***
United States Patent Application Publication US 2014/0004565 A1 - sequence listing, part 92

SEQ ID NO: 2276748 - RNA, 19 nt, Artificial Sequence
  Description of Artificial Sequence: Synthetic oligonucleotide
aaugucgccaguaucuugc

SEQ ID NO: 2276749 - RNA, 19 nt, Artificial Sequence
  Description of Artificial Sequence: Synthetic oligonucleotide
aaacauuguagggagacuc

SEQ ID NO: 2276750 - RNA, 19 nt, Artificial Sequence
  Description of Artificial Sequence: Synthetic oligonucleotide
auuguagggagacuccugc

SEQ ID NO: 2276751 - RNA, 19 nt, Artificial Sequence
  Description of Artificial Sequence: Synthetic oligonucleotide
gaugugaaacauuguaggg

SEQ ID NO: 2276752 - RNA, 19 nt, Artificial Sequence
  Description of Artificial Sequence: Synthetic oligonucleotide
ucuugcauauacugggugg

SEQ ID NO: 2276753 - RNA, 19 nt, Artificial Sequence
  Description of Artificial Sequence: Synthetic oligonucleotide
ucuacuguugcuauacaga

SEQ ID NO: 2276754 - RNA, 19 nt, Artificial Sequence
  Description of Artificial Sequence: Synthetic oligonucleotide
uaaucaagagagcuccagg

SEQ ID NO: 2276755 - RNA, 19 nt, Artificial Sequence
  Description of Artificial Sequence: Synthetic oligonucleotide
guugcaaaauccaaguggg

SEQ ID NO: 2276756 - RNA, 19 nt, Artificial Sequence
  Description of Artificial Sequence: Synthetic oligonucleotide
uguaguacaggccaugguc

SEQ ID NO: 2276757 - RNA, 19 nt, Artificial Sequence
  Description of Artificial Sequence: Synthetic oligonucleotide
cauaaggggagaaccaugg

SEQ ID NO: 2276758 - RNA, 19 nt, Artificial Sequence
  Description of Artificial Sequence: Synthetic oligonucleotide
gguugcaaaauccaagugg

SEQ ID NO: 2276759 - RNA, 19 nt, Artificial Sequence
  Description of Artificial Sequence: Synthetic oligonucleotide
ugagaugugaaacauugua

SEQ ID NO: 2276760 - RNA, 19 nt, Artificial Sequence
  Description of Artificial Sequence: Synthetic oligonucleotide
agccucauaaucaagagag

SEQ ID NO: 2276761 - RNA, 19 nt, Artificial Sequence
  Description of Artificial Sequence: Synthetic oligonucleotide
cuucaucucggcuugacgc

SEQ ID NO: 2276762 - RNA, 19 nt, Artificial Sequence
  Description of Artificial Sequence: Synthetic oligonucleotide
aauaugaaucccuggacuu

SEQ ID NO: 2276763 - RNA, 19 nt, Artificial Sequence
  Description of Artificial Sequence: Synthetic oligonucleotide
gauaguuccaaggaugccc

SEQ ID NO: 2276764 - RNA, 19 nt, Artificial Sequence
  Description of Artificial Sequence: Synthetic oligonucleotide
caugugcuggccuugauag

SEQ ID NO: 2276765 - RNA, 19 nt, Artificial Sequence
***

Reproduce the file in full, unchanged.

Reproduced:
United States Patent Application Publication US 2014/0004565 A1 - sequence listing, part 92

SEQ ID NO: 2276748 - RNA, 19 nt, Artificial Sequence
  Description of Artificial Sequence: Synthetic oligonucleotide
aaugucgccaguaucuugc

SEQ ID NO: 2276749 - RNA, 19 nt, Artificial Sequence
  Description of Artificial Sequence: Synthetic oligonucleotide
aaacauuguagggagacuc

SEQ ID NO: 2276750 - RNA, 19 nt, Artificial Sequence
  Description of Artificial Sequence: Synthetic oligonucleotide
auuguagggagacuccugc

SEQ ID NO: 2276751 - RNA, 19 nt, Artificial Sequence
  Description of Artificial Sequence: Synthetic oligonucleotide
gaugugaaacauuguaggg

SEQ ID NO: 2276752 - RNA, 19 nt, Artificial Sequence
  Description of Artificial Sequence: Synthetic oligonucleotide
ucuugcauauacugggugg

SEQ ID NO: 2276753 - RNA, 19 nt, Artificial Sequence
  Description of Artificial Sequence: Synthetic oligonucleotide
ucuacuguugcuauacaga

SEQ ID NO: 2276754 - RNA, 19 nt, Artificial Sequence
  Description of Artificial Sequence: Synthetic oligonucleotide
uaaucaagagagcuccagg

SEQ ID NO: 2276755 - RNA, 19 nt, Artificial Sequence
  Description of Artificial Sequence: Synthetic oligonucleotide
guugcaaaauccaaguggg

SEQ ID NO: 2276756 - RNA, 19 nt, Artificial Sequence
  Description of Artificial Sequence: Synthetic oligonucleotide
uguaguacaggccaugguc

SEQ ID NO: 2276757 - RNA, 19 nt, Artificial Sequence
  Description of Artificial Sequence: Synthetic oligonucleotide
cauaaggggagaaccaugg

SEQ ID NO: 2276758 - RNA, 19 nt, Artificial Sequence
  Description of Artificial Sequence: Synthetic oligonucleotide
gguugcaaaauccaagugg

SEQ ID NO: 2276759 - RNA, 19 nt, Artificial Sequence
  Description of Artificial Sequence: Synthetic oligonucleotide
ugagaugugaaacauugua

SEQ ID NO: 2276760 - RNA, 19 nt, Artificial Sequence
  Description of Artificial Sequence: Synthetic oligonucleotide
agccucauaaucaagagag

SEQ ID NO: 2276761 - RNA, 19 nt, Artificial Sequence
  Description of Artificial Sequence: Synthetic oligonucleotide
cuucaucucggcuugacgc

SEQ ID NO: 2276762 - RNA, 19 nt, Artificial Sequence
  Description of Artificial Sequence: Synthetic oligonucleotide
aauaugaaucccuggacuu

SEQ ID NO: 2276763 - RNA, 19 nt, Artificial Sequence
  Description of Artificial Sequence: Synthetic oligonucleotide
gauaguuccaaggaugccc

SEQ ID NO: 2276764 - RNA, 19 nt, Artificial Sequence
  Description of Artificial Sequence: Synthetic oligonucleotide
caugugcuggccuugauag

SEQ ID NO: 2276765 - RNA, 19 nt, Artificial Sequence